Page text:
I’m always on the lookout for more ideas, though, especially for inner tubes. If you have any, leave a comment below!

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A Very Special Inner Tube – Valets

If you read my last blog post, I talked about the huge variety of inner tubes I get in. Now and then there’s something different that I save for a special project, or cut carefully to preserve an interesting detail. Hopefully this will be the first in a little series of unique makes.

A while back I received two tubes that were wider than anything else I’d ever gotten in. I’m not sure what they were for, maybe a motor bike. Cut open, they were just over 16 cm across. As a comparison, check out the image below.

The top is the narrowest I’ll cut flat (becoming about 8cm wide strips), then largest size I’ll get in regularly (11-12), then the massive tube! I set the two big ones aside, waiting for inspiration to strike.

While the temptation was there to use it as part a of a bag, I thought there had to be something different I could make. These tubes are a bit thicker, so they have a lot of body. Used strategically, the material can hold a shape and structure in an interesting way. The thickness also meant they’d be harder for me to sew, especially as my sewing machine was starting to struggle with inner tubes.

I knew eventually something would come to mind to make the most of its properties.

And then a few months ago, I bought myself a hand press.

I initially picked this up so I didn’t have to set snaps on the kitchen floor (the firmest surface in my house – best place to set them securely). But there are so many different dies, this machine opened up a new range of construction opportunities.

In the past I’d struggled with rivets, but this machine means they set straight every time. And then a use for those wide tubes hit me: a valet! A rivet on each corner would turn them into useful little trays. That shape would make the most of the full width of the tube, as well as my new machine.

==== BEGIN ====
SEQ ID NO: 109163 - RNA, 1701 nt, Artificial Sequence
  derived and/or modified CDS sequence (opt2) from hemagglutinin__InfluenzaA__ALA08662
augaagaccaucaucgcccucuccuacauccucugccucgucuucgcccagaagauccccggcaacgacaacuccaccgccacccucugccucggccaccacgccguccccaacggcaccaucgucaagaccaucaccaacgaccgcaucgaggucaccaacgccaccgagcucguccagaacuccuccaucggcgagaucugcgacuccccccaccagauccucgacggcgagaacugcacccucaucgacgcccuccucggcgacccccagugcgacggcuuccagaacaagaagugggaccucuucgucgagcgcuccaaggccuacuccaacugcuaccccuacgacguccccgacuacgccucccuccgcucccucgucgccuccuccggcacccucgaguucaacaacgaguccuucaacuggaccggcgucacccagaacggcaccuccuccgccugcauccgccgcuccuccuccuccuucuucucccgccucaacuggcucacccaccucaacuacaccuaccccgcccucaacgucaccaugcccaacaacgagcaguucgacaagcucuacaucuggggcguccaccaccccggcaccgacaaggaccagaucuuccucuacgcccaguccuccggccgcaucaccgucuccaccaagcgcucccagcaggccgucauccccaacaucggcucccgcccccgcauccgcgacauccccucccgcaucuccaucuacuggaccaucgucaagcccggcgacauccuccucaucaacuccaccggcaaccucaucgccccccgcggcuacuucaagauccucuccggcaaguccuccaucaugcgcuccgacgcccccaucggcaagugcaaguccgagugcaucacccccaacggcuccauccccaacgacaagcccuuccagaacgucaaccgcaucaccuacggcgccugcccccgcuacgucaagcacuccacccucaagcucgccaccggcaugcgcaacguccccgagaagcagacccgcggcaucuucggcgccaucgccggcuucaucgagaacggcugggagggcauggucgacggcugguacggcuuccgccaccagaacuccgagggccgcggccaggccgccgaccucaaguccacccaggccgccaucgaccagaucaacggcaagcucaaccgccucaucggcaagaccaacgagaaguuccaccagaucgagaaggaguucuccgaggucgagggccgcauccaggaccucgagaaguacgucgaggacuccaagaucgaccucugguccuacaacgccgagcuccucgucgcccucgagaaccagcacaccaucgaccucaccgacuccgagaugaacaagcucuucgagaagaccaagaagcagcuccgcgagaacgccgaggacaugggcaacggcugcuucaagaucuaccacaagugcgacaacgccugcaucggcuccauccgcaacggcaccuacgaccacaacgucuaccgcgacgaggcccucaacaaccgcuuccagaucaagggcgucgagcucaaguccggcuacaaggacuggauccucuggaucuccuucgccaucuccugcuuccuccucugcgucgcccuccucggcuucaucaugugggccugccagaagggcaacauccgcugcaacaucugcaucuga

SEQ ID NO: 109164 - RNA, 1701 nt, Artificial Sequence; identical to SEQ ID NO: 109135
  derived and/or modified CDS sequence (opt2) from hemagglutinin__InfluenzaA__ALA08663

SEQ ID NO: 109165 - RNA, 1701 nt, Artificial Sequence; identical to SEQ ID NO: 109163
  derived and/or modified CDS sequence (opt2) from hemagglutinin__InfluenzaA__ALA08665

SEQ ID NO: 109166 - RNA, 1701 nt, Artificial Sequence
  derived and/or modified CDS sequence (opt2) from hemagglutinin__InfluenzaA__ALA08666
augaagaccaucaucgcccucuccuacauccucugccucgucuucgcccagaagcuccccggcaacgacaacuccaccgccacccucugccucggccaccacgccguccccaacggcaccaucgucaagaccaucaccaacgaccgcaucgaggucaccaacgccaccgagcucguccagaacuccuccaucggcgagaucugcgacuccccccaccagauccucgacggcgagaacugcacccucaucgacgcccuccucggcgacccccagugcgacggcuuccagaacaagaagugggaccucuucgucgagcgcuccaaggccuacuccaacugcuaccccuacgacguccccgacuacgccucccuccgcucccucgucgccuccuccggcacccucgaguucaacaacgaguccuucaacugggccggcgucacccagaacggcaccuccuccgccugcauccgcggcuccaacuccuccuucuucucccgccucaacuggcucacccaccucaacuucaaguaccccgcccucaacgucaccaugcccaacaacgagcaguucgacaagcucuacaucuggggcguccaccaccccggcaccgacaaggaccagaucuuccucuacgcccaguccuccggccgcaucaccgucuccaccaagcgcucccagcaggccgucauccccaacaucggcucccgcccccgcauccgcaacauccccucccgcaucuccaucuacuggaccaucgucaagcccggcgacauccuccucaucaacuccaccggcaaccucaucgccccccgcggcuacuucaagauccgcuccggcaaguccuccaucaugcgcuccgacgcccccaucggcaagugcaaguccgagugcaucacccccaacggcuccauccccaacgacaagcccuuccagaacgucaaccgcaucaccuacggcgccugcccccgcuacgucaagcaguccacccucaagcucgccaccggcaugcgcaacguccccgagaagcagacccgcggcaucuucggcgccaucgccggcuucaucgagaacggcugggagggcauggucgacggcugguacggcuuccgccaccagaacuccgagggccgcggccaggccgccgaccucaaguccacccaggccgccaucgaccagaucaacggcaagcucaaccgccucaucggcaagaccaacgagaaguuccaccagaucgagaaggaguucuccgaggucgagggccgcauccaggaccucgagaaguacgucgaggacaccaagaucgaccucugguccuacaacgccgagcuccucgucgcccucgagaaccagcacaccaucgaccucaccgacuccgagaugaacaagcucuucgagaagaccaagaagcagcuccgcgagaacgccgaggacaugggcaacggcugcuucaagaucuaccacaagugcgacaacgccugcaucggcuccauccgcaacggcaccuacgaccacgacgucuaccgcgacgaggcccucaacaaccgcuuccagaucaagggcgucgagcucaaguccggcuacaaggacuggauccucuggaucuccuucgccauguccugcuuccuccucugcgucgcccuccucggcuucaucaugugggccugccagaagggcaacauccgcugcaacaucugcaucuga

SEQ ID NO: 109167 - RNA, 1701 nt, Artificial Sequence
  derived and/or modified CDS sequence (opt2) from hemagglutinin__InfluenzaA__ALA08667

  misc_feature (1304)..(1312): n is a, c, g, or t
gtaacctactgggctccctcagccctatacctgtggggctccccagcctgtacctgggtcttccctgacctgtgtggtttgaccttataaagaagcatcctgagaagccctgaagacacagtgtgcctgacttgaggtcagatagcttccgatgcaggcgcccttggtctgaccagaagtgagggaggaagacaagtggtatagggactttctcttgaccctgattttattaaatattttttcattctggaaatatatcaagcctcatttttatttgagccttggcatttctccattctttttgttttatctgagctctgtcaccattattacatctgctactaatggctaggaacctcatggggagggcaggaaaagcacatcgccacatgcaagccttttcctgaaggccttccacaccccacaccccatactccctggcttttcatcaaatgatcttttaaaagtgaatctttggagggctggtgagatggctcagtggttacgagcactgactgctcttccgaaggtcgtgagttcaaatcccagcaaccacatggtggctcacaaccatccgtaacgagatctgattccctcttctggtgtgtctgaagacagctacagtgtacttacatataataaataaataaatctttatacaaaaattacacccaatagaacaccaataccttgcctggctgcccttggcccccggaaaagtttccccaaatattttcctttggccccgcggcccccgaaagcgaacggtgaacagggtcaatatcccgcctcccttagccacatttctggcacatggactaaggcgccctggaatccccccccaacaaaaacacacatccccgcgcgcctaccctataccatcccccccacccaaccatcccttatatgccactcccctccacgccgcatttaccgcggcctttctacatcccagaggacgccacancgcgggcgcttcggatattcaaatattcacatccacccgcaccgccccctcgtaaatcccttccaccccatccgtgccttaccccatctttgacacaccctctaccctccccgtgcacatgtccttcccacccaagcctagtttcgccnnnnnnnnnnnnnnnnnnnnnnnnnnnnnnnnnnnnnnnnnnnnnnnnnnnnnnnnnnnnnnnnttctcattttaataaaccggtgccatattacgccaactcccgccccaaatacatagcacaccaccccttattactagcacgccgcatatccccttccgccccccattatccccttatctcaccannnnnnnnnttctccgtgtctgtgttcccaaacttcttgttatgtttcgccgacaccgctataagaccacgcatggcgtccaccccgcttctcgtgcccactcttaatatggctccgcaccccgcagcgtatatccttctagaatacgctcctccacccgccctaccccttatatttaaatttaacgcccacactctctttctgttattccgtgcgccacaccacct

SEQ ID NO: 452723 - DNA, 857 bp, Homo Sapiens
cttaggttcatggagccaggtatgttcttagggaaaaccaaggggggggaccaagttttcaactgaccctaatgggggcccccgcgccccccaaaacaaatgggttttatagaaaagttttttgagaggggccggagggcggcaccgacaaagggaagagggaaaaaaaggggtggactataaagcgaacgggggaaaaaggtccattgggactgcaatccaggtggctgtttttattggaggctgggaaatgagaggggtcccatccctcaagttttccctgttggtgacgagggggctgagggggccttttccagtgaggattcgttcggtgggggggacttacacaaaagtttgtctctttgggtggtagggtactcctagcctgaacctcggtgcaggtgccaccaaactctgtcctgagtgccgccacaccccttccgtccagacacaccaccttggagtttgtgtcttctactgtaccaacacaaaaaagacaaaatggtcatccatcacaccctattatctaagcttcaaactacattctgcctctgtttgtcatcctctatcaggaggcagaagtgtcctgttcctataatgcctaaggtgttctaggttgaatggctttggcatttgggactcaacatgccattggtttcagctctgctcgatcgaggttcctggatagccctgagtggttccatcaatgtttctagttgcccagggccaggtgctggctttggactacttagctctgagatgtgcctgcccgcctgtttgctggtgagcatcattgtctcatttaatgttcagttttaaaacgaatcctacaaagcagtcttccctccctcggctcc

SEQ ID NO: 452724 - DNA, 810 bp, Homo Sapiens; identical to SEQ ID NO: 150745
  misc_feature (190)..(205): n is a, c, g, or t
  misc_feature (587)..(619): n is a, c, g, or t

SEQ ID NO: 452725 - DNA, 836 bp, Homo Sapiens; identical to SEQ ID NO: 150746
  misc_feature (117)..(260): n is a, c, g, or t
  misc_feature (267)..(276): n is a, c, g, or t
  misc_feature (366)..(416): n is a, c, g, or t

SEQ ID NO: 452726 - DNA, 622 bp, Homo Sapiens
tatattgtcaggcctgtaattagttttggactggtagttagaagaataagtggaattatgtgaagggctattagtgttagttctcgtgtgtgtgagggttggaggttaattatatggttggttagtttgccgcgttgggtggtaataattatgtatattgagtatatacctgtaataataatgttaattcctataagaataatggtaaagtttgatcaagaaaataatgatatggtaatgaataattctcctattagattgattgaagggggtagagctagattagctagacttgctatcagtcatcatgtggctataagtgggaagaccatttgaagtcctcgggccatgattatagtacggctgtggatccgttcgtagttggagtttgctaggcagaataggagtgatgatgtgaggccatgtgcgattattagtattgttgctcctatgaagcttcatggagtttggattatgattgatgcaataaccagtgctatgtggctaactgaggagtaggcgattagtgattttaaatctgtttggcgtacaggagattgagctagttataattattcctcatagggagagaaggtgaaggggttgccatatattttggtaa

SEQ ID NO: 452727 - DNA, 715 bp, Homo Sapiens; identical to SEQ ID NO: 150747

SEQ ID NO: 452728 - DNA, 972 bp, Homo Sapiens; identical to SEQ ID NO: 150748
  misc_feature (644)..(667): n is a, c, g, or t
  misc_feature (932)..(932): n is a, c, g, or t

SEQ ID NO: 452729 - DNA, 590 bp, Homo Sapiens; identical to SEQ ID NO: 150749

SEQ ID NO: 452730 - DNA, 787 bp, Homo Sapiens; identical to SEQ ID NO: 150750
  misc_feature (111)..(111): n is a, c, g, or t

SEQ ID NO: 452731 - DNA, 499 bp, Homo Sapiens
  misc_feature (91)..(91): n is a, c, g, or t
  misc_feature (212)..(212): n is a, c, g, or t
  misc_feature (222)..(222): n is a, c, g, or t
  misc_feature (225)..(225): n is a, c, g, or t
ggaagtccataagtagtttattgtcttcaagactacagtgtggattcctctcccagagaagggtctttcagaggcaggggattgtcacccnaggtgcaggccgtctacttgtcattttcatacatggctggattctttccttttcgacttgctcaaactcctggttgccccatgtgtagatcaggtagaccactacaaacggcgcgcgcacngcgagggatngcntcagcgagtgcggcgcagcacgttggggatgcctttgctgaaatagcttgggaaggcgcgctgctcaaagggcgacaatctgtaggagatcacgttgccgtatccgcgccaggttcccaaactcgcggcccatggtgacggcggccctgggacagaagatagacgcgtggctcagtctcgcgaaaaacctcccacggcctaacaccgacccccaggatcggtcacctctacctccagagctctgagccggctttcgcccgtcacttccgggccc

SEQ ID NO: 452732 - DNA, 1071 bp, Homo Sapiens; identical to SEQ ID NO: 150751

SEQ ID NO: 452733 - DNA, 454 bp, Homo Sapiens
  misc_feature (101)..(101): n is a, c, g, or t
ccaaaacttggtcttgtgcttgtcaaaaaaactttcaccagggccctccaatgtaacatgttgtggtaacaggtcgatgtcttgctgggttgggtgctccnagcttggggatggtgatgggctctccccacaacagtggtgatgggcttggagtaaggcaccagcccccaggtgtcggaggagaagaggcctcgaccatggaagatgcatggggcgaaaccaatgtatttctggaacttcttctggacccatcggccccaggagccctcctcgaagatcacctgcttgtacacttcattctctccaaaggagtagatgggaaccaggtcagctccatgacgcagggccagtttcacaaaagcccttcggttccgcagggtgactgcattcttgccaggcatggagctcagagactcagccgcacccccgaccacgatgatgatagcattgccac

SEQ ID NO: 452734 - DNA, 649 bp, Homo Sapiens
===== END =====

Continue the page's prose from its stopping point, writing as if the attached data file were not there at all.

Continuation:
I played around with a tester, using my knock-off wonder clips to see if I liked the size and shape.

Not that you can tell by the messy work space above, but it was just so handy for keeping things organised while I was working. I knew it something I wanted to make for Team Sikel. So I did! Just a few at first to test construction methods, to find one I was happy with.

I settled on a construction that used inner tube washers behind each rivet head. I make these myself – it takes time, but makes the final product more secure (and uses up tiny scraps of inner tube, but more on that in another post!).

The downside is that I just have those two wide tubes. After some sales at a little soft launch the valets had at an in person market earlier this year, and a few seconds you may have seen during my Super Seconds Saturday sales, I only have about a dozen to offer in that size when they launch on the 6th November. That is, until I get another wide tube in.

And who knows that will be – the joy and struggle of using reclaimed materials.

But I loved the shape, so I toyed around with a smaller trays in my next largest size – about 10-12 cm across. Those became my small valets – perfect for rings, earrings, or other smaller bits and pieces.

I absolutely love these little trays. I’ve got one next to the sink for when I’m doing the washing up and one in the bathroom for when I take a shower. I even brought one on holiday – it squashed into my wash bag, and was so handy for when I was doing messy things (like a basket weaving workshop) or out on a long hike, where I was paranoid my rings might get lost.

The one above is my favourite. Normally I’d save the patched ones to sell, but this time I kept it for myself!

It’s pleasing when I’m able to find a unique use for a very special tube like those huge ones. And even better when it’s able to inspire another use for other tubes.

If you’d like one for yourself or a gift, do sign up for my mailing list for first dibs on this new range! While they’ll go live to everyone on Saturday 6th November, newsletter subscribers get early access on 5th. I’m debating some other perks, too!

What would you keep in yours? I’d love to know!